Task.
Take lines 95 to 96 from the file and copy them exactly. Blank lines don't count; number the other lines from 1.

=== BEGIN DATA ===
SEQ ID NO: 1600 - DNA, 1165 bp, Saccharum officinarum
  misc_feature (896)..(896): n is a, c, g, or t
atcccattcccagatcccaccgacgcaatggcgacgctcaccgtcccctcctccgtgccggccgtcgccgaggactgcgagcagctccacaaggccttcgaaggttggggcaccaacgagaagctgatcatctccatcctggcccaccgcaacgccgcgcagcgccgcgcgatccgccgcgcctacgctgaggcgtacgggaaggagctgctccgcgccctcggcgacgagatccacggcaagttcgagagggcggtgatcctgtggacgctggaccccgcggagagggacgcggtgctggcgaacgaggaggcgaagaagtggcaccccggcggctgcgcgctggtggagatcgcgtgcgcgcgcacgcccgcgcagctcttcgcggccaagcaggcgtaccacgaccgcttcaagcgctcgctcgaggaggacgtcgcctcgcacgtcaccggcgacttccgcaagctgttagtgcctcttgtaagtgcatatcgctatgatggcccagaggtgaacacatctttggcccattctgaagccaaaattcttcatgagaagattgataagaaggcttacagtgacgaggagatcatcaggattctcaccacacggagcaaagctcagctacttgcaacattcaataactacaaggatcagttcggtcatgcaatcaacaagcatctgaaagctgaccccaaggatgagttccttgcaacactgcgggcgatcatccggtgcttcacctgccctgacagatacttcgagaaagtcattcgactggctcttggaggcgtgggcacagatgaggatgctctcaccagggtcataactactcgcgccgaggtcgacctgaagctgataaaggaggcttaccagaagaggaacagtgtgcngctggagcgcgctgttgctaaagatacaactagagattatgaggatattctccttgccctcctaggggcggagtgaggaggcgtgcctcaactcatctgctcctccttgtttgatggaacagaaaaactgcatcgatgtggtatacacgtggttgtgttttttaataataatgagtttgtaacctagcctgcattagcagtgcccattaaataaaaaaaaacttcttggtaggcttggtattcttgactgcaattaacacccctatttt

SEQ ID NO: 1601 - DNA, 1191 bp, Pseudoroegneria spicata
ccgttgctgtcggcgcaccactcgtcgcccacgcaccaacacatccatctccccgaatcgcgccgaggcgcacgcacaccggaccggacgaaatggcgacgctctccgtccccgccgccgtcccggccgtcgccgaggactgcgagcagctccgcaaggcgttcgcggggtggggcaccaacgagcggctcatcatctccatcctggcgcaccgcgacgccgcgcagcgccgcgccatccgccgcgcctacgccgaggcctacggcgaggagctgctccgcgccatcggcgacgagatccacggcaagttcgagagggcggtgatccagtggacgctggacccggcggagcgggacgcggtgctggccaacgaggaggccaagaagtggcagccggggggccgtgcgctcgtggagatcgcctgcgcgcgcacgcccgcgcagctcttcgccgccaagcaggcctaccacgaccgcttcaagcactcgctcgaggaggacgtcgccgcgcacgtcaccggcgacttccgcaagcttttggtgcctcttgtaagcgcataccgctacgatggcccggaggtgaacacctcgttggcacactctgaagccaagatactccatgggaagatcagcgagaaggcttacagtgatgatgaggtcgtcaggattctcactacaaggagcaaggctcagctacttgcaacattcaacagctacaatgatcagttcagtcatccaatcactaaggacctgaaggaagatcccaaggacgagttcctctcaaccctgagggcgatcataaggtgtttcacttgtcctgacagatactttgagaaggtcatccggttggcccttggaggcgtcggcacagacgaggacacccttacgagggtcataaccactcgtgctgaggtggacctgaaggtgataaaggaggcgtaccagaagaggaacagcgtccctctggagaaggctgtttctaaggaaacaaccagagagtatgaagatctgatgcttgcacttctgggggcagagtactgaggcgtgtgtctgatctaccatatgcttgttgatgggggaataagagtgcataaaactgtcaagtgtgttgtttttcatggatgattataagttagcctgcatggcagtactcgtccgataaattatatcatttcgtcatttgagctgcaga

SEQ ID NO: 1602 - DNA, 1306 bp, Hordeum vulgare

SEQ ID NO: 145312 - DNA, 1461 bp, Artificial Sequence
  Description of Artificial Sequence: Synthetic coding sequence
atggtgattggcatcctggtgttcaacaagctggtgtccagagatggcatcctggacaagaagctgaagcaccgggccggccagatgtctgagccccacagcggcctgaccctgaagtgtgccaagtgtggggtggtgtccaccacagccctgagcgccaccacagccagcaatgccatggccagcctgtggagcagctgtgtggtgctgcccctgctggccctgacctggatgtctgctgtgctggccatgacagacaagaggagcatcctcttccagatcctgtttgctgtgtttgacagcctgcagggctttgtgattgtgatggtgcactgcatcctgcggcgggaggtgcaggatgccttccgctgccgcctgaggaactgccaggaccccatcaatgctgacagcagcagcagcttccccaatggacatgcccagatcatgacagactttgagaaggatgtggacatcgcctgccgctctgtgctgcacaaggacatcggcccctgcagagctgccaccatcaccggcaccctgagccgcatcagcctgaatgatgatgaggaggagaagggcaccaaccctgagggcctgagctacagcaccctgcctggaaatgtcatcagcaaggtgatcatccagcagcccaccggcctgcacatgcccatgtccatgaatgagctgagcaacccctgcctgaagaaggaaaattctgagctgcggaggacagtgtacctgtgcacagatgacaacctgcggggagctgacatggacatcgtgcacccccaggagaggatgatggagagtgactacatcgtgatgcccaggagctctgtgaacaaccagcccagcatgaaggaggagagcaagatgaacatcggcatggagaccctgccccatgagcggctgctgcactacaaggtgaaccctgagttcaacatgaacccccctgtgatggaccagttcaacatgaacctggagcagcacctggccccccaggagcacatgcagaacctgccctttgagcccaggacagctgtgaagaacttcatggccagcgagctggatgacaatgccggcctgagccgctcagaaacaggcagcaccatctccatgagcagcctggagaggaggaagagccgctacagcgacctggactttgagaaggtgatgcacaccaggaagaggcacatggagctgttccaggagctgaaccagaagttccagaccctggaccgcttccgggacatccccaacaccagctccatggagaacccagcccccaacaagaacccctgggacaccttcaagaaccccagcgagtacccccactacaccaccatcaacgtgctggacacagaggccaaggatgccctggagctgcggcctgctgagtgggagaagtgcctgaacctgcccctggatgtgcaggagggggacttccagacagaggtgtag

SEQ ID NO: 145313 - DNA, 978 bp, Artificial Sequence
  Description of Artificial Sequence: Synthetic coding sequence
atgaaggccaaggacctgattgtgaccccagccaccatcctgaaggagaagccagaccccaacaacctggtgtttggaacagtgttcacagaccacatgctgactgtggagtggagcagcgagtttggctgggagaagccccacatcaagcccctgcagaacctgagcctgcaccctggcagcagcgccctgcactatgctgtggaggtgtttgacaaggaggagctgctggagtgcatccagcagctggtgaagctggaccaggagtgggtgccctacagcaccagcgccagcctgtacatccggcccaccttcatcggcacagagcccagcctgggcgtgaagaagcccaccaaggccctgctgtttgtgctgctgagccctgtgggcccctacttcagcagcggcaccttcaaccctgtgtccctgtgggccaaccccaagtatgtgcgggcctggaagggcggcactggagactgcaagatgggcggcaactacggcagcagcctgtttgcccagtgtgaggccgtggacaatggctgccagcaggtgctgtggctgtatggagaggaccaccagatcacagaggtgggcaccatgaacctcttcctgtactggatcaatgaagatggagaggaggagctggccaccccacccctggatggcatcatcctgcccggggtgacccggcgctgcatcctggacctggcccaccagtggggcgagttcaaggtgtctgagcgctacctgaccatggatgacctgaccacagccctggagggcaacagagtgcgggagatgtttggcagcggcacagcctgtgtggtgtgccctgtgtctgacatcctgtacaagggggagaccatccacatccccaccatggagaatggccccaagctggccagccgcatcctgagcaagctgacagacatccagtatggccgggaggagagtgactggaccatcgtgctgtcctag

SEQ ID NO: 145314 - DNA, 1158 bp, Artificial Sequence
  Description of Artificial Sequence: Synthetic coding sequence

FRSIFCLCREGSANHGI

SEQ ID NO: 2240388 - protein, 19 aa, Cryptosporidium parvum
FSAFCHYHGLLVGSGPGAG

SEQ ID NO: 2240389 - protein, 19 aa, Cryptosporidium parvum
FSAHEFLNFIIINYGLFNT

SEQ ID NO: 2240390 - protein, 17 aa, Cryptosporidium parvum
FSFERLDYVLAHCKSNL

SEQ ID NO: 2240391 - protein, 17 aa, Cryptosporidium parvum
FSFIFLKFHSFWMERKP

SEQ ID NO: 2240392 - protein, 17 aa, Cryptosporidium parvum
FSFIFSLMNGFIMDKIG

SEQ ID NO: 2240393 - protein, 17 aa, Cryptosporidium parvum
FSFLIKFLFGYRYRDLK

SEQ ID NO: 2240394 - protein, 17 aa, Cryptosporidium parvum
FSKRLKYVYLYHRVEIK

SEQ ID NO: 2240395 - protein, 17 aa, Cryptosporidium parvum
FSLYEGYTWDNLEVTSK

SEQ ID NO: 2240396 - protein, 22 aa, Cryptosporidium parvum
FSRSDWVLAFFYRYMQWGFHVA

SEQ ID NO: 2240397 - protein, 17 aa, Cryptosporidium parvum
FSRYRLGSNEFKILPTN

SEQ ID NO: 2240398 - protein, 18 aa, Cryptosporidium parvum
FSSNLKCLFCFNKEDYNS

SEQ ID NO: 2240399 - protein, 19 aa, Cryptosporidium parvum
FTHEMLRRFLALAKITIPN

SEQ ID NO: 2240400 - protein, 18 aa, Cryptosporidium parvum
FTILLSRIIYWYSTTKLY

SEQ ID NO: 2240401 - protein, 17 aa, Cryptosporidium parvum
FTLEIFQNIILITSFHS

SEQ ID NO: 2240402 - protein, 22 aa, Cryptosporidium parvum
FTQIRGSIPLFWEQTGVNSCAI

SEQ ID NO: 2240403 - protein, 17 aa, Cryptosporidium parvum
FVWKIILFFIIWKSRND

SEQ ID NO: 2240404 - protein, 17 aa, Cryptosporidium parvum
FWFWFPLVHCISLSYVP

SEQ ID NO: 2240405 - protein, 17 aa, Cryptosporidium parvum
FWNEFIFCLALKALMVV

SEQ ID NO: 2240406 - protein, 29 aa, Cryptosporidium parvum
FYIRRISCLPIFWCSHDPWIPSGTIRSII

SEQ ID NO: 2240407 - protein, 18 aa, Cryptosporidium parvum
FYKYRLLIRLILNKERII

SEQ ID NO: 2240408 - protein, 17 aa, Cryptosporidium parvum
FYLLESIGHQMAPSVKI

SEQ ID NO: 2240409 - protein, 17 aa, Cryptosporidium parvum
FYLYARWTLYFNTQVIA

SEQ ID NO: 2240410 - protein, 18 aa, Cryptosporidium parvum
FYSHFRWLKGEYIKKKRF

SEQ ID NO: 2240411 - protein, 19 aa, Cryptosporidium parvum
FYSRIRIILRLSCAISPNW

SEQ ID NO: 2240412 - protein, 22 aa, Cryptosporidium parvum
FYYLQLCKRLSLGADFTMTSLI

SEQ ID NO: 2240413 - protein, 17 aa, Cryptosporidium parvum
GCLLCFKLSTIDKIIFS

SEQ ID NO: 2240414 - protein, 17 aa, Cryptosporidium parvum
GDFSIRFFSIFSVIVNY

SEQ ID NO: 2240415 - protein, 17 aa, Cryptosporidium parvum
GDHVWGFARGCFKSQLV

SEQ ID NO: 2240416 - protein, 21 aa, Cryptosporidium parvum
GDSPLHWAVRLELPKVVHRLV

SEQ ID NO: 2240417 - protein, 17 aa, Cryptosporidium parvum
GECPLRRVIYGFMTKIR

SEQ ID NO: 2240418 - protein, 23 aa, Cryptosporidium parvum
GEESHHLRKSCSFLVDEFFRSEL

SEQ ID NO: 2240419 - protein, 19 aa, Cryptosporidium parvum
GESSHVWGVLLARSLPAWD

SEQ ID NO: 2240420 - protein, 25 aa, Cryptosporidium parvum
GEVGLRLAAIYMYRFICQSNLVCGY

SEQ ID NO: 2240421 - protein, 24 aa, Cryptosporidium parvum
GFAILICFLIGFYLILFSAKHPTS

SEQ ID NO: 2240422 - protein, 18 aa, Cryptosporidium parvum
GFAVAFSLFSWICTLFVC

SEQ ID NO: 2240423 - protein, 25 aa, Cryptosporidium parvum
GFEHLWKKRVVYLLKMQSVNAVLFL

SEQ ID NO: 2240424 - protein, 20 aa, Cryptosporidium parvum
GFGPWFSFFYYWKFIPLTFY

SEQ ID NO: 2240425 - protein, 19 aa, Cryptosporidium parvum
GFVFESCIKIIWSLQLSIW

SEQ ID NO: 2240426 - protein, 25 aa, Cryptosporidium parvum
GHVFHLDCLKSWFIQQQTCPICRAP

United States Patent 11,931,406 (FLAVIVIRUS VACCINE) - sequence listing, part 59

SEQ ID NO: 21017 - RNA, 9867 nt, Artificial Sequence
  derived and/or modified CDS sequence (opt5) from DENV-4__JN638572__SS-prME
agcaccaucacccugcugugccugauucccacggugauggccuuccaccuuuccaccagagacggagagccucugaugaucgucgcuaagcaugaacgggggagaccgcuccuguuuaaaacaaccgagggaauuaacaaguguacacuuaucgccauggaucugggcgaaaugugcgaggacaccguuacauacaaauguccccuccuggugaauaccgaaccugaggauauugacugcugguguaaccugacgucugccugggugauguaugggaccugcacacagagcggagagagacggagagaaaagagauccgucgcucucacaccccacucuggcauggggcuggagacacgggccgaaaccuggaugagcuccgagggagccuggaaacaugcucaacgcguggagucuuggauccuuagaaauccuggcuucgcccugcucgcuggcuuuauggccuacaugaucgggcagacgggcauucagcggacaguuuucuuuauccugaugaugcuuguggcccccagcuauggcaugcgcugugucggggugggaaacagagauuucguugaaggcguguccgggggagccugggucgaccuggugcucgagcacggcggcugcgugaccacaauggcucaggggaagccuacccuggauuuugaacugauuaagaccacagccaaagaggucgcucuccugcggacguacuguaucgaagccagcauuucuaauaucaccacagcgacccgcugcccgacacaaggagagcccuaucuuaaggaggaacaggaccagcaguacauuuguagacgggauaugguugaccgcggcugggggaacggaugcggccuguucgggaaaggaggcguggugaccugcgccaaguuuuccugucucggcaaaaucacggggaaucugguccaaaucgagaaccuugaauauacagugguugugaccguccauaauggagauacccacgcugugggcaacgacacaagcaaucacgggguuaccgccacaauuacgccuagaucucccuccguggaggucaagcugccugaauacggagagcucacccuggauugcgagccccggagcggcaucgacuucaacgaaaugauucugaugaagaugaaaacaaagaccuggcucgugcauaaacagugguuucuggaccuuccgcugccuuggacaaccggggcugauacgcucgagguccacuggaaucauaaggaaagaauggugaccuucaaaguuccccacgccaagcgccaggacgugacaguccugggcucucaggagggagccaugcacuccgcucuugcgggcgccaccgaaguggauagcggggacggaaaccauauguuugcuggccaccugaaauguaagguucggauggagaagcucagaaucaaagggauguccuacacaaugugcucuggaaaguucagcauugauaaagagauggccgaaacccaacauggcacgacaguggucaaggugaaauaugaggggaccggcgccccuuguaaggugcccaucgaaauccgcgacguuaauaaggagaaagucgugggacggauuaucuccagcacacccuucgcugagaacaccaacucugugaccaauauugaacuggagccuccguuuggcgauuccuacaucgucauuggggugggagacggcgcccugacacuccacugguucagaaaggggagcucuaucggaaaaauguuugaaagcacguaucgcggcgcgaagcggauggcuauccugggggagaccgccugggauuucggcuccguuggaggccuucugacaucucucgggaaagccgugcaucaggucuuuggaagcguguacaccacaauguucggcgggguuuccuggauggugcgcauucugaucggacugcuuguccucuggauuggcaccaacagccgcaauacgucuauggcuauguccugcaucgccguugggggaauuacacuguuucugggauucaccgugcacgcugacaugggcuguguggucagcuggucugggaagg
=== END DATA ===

SEQ ID NO: 21017 - RNA, 9867 nt, Artificial Sequence
  derived and/or modified CDS sequence (opt5) from DENV-4__JN638572__SS-prME